Mozilla Blog: Goodbye, EdgeHTML

Mozilla Blog: Goodbye, EdgeHTML. “By adopting Chromium, Microsoft hands over control of even more of online life to Google. This may sound melodramatic, but it’s not. The ‘browser engines’ — Chromium from Google and Gecko Quantum from Mozilla — are ‘inside baseball’ pieces of software that actually determine a great deal of what each of us can do online. They determine core capabilities such as which content we as consumers can see, how secure we are when we watch content, and how much control we have over what websites and services can do to us. Microsoft’s decision gives Google more ability to single-handedly decide what possibilities are available to each one of us.”

Ubergizmo: Chrome 71 Rolling Out With Abusive Ads & Billing Protection

Ubergizmo: Chrome 71 Rolling Out With Abusive Ads & Billing Protection. “Anyone who’s surfed the web long enough has probably encountered various websites that have designed ads to look like legit Windows popups and notifications, which when you click can take you to another site where potentially malware can be installed on your computer. However if you are using Google’s Chrome browser, that should become a thing of the past.”

The Verge: Microsoft is building its own Chrome browser to replace Edge

The Verge: Microsoft is building its own Chrome browser to replace Edge. “Microsoft is building its own Chromium browser to replace the default on Windows 10. The software giant first introduced its Edge browser three years ago, with a redesign to replace Internet Explorer and modernize the default browsing experience to compete with Chrome and others. While the modern look and feel has paid off for Edge, the underlying browser engine (EdgeHTML) has struggled to keep up with Chromium. Microsoft is finally giving up and moving its default Windows 10 browser to Chromium.”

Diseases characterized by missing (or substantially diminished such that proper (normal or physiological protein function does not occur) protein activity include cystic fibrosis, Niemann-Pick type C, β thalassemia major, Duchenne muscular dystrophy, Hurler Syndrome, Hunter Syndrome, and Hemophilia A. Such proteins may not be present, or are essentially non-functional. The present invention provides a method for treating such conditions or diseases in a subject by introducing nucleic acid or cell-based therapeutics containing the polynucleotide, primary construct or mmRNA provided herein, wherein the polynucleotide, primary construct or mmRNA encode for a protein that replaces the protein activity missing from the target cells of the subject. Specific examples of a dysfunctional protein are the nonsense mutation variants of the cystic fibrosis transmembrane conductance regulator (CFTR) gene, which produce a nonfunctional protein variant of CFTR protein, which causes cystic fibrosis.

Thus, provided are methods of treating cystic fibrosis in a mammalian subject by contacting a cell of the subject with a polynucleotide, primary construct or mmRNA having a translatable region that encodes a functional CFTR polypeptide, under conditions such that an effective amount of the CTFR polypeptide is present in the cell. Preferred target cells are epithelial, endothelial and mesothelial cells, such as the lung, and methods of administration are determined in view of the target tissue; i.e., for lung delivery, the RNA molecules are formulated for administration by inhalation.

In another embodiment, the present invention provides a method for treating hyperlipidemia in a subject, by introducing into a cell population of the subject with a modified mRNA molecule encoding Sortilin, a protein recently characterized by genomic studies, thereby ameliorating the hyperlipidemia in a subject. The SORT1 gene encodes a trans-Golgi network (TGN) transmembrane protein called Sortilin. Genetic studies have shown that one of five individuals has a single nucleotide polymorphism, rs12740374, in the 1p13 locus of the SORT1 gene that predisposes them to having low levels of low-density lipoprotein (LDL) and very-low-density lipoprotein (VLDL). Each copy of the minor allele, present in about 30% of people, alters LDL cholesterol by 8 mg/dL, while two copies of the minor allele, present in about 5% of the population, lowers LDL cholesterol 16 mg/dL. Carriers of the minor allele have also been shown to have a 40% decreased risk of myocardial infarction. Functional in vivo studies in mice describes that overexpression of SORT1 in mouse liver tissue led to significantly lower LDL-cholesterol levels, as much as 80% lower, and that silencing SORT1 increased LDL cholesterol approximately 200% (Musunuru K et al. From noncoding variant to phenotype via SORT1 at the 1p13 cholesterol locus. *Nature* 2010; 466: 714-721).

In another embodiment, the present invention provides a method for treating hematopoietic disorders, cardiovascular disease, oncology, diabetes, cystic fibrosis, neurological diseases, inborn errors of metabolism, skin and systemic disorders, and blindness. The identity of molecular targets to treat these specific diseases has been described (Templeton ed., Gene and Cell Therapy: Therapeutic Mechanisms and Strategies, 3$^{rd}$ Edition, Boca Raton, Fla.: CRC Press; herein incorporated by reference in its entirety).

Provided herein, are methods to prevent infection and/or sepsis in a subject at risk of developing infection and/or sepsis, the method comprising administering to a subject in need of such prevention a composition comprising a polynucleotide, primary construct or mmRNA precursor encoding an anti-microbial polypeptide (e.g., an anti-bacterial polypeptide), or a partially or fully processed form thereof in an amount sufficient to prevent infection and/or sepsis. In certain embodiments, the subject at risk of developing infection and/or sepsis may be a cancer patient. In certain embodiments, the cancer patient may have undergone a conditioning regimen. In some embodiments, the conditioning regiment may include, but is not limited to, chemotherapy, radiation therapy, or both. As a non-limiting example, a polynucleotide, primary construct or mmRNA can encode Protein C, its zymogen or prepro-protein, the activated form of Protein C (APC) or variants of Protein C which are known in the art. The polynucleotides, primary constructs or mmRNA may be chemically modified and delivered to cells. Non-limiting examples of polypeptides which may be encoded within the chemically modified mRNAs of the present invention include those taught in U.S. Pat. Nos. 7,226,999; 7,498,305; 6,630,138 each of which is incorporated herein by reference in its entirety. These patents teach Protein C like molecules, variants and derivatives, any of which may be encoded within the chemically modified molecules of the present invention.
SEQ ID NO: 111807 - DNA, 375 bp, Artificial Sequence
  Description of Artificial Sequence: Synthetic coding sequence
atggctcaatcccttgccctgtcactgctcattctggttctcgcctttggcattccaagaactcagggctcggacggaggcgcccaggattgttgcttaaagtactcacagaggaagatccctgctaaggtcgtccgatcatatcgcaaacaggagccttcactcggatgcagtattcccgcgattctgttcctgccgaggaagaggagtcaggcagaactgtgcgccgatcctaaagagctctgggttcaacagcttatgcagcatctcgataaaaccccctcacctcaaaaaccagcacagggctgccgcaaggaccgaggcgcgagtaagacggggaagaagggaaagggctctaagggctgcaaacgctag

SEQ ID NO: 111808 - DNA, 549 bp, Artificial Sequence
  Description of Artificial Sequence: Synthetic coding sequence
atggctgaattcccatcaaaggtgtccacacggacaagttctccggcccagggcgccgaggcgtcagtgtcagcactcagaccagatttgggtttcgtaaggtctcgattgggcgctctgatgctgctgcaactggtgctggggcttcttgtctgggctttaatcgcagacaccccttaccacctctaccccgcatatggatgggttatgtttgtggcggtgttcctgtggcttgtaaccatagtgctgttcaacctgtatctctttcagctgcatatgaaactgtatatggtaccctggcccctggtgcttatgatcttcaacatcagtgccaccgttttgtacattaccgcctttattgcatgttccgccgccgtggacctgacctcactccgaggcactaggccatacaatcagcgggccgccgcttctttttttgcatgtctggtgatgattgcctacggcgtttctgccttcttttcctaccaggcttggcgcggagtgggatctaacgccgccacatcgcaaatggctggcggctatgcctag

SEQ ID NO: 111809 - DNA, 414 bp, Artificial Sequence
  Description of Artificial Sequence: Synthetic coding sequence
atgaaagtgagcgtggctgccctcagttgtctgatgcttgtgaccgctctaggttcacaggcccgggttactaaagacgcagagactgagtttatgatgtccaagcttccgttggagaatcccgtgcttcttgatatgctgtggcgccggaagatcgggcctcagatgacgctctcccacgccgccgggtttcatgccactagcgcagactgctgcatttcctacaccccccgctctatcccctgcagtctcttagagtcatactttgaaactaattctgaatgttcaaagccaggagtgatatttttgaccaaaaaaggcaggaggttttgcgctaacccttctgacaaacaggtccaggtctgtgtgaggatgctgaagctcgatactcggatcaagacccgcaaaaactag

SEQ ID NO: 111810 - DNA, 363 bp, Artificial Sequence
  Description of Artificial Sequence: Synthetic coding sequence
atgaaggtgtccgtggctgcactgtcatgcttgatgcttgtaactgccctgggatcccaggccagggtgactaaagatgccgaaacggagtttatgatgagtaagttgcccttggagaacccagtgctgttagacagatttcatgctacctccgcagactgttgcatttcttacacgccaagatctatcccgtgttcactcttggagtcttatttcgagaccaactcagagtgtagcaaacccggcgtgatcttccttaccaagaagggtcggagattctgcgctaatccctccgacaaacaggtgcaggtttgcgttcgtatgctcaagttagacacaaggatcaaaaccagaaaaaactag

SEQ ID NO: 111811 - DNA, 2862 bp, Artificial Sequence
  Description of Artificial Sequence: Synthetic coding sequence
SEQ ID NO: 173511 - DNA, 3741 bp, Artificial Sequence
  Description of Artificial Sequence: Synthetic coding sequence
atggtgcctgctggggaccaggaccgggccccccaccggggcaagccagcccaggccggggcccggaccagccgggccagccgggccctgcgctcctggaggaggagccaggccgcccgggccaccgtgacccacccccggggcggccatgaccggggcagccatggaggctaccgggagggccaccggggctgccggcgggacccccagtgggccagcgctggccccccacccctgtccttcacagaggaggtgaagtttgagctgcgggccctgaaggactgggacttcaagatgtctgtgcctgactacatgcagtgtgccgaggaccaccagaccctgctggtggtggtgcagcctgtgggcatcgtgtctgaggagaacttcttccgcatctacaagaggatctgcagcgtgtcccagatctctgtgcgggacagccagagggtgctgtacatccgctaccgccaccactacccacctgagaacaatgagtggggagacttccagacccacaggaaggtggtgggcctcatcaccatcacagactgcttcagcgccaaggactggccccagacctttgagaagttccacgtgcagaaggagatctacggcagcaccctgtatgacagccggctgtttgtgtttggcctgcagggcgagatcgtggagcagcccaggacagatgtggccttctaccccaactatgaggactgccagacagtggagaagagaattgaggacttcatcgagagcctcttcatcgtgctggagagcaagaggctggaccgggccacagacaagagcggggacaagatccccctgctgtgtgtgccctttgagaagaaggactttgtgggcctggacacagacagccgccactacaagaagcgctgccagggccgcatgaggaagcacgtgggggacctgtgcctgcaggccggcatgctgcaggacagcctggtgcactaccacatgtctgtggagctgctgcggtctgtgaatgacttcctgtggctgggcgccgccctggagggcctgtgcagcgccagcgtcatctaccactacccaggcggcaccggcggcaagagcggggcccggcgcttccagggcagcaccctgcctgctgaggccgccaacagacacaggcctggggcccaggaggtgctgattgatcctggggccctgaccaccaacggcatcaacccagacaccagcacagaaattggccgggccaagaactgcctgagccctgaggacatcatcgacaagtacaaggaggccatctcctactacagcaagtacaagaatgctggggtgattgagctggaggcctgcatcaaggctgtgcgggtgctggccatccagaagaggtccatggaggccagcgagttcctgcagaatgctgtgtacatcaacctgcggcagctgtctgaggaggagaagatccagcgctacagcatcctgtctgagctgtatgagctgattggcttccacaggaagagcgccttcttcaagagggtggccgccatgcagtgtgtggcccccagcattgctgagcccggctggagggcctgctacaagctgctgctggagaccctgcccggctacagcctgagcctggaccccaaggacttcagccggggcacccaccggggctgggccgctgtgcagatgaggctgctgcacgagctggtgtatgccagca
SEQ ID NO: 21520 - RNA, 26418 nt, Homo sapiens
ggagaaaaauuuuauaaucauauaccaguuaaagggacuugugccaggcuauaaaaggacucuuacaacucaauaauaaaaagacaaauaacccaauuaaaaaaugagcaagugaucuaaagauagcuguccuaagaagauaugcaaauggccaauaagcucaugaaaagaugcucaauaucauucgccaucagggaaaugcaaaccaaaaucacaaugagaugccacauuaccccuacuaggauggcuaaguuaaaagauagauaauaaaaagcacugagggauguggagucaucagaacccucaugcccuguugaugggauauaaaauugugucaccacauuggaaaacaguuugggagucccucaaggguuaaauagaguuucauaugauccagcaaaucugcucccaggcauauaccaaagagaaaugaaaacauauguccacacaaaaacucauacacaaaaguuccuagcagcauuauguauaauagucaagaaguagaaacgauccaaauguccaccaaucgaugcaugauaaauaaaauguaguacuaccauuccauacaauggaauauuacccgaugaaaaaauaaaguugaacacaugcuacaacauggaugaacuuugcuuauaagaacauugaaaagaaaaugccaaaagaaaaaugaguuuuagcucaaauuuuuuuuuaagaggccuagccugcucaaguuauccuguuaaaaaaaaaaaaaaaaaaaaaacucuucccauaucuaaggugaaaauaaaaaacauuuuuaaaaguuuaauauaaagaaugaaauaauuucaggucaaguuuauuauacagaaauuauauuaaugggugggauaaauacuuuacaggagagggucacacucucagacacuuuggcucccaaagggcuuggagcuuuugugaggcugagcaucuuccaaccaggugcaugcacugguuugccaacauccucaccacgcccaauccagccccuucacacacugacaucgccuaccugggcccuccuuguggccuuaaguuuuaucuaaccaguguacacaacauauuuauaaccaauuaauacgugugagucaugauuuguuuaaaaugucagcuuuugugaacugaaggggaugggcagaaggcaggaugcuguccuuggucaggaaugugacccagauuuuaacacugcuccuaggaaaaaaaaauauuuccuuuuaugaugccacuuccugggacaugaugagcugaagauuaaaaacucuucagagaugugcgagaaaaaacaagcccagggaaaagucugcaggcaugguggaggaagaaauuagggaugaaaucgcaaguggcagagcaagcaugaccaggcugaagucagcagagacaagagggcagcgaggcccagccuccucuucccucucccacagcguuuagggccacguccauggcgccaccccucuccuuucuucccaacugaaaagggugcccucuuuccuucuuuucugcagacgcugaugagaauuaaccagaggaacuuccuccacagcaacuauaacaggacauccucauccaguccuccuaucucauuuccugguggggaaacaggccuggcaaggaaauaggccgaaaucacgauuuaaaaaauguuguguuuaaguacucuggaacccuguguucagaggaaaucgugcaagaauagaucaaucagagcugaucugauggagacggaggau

Browser Wars 2018: Microsoft Edge versus Google Chrome (Make Tech Easier)

Make Tech Easier: Browser Wars 2018: Microsoft Edge versus Google Chrome. “According to October 2018 figures, Google Chrome’s top position among browsers remains unchallenged. Another browser, Microsoft Edge, is winning rave reviews with its redesigned features and smoother navigation. But is Edge really the future of browsers as Microsoft would have us all believe? To find out, we pitted Edge against Chrome in a toe-to-toe contest to see which is the better browser.”

MakeUseOf: 4 Anonymous Web Browsers That Are Completely Private

MakeUseOf: 4 Anonymous Web Browsers That Are Completely Private. “While it’s almost impossible to remove yourself from the global grid completely, there are some steps you can take to reduce your information footprint. The best place to start is with your browser. It’s your main portal to the web, so using a more secure option will make a big difference to your privacy. Here are four private browsers that are (almost) completely anonymous.”

Vivaldi 2.0 review: The modern Web browser does not have to be so bland (Ars Technica)

Ars Technica: Vivaldi 2.0 review: The modern Web browser does not have to be so bland. “Vivaldi first came upon the Ars radar in early 2015. And given that uniformity mentioned above, it stood out quickly. Led by CEO Jon S. von Tetzchner, co-founder and former CEO of Opera, the primary goal seemed to be rebuilding the browser that Opera once was—the power user’s browser. And by the time its 1.0 came around the following spring, Vivaldi appeared to be on the right track. This could be the cure for the common browser.”